I was on vacation last week trying to burn the rest of my days off before the end of the fiscal year. I was able to finish one of the books recommended at a LOEX session, Got Game: How the Gamer Generation is Reshaping Business Forever by John Beck and Mitchell Wade. It's a relatively short book coming in at 180 pages. Beck and Mitchell surveyed 2,500 business professionals in the US. Their research subjects included recent MBA grads from two programs (unidentified universities on the West Coast and in the Midwest) and business professionals working in all sizes of companies and in a wide range of fields. Their research focused on finding out if worker's abilities, expectations, and attitudes were different between those that grew up playing or being around games versus those that did not.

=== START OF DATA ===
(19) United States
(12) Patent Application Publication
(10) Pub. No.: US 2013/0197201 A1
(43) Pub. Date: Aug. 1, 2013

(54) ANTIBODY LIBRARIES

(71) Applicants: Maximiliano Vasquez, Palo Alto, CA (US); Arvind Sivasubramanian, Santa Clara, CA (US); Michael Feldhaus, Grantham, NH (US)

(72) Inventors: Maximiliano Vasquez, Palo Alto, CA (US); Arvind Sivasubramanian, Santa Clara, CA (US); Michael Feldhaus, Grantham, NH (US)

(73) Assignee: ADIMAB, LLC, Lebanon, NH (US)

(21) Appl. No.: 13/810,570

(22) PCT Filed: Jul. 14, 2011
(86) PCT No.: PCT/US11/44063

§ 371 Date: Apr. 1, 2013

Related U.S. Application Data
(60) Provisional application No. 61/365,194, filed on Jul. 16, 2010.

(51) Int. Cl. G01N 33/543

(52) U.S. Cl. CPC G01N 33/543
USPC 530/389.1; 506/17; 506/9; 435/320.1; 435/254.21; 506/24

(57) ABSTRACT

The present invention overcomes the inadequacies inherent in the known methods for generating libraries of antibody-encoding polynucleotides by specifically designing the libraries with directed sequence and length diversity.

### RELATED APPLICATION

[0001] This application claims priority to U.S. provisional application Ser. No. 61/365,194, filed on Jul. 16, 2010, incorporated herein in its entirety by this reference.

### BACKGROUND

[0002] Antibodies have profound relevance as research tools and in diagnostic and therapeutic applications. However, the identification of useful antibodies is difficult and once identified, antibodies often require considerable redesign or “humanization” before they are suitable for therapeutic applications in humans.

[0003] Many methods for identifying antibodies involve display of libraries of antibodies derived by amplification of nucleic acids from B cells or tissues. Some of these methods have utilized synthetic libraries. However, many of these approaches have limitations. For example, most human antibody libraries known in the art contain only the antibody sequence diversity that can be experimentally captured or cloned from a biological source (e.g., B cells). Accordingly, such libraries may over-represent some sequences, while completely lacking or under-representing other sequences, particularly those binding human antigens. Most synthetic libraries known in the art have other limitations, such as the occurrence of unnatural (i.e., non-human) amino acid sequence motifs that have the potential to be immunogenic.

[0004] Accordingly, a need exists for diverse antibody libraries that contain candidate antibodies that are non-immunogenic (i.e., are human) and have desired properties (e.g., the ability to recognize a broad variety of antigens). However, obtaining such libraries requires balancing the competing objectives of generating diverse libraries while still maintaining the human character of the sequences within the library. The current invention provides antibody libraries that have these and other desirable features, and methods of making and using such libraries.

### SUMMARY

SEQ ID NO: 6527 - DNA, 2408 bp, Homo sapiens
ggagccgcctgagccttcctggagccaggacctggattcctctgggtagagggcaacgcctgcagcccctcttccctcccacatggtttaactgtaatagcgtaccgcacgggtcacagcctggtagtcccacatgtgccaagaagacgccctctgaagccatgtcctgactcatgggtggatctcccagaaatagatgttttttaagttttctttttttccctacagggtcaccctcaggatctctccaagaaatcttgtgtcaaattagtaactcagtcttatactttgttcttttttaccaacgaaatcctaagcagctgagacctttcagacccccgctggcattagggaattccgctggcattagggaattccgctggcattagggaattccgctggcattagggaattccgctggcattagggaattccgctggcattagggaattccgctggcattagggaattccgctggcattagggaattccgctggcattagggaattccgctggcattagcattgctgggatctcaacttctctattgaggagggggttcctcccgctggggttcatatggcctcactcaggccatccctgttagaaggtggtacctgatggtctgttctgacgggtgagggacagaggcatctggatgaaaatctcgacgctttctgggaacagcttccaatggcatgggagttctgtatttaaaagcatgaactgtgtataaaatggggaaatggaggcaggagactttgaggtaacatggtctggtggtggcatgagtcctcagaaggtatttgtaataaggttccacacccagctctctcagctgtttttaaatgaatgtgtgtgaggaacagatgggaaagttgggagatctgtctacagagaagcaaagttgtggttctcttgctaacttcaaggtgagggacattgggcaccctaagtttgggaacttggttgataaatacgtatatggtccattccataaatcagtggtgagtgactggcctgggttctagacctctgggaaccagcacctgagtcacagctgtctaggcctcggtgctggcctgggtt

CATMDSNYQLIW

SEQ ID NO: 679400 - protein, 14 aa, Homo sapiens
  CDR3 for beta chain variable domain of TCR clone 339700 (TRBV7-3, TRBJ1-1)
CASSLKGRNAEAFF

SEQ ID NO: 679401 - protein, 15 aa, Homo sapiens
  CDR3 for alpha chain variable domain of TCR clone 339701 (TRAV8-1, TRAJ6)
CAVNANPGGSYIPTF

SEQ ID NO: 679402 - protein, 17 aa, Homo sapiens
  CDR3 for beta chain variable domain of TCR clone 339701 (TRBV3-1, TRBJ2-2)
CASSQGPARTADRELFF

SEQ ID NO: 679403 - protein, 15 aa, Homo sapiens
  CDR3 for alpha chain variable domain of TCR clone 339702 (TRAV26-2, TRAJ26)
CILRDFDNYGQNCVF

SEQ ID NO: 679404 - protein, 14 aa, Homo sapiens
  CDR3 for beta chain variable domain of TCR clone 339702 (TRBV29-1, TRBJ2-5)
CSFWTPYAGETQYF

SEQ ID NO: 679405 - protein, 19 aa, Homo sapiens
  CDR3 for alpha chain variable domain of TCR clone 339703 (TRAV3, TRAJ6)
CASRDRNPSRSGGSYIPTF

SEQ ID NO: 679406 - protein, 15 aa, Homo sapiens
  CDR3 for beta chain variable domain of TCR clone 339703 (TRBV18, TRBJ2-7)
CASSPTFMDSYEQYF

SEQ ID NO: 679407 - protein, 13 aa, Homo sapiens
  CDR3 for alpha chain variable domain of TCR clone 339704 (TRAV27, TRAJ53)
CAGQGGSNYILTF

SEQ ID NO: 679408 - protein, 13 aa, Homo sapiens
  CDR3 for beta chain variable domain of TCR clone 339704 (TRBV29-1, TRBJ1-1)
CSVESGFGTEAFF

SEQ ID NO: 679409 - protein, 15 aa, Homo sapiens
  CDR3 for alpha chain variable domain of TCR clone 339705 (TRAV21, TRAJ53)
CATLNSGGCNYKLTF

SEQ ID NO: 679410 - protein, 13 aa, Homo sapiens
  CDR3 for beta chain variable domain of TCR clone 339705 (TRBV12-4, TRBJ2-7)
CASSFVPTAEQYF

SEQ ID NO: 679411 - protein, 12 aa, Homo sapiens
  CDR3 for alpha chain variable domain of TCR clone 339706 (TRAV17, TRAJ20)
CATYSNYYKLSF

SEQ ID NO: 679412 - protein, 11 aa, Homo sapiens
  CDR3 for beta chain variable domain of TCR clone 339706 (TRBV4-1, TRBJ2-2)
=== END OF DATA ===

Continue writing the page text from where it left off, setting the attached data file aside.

I was a little disappointed in their choice to make 1975 the starting point for what they called the Gamer generation. I don't agree with this choice, since I was born in 1970 and I consider myself to be a gamer. I also know many other people born anywhere from 1968 to 1974 who are active gamers.
Beck and Mitchell set the stage for their findings by starting out with a quick overview of the development of the game industry. They then explore some of the common concerns about video games: sexism, violence, stereotypes, and isolation before jumping into the analysis.
Their research shows that gamers:
- are driven to compete;
- care about the fate of their employer;
- are very loyal;
- are engaged in their work;
- prefer to multitask;
- prefer compensation tied to actual performance;
- enjoy being the hero;
- value teamwork;
- are comfortable taking risks; and
- learn best through trial and error.
Throughout the book Beck and Mitchell offer suggestions on how managers can best use a gamer's strengths. The book doesn't have much to offer for those interested in the use of games for learning. However, I would still recommend this book to anyone with management responsibility.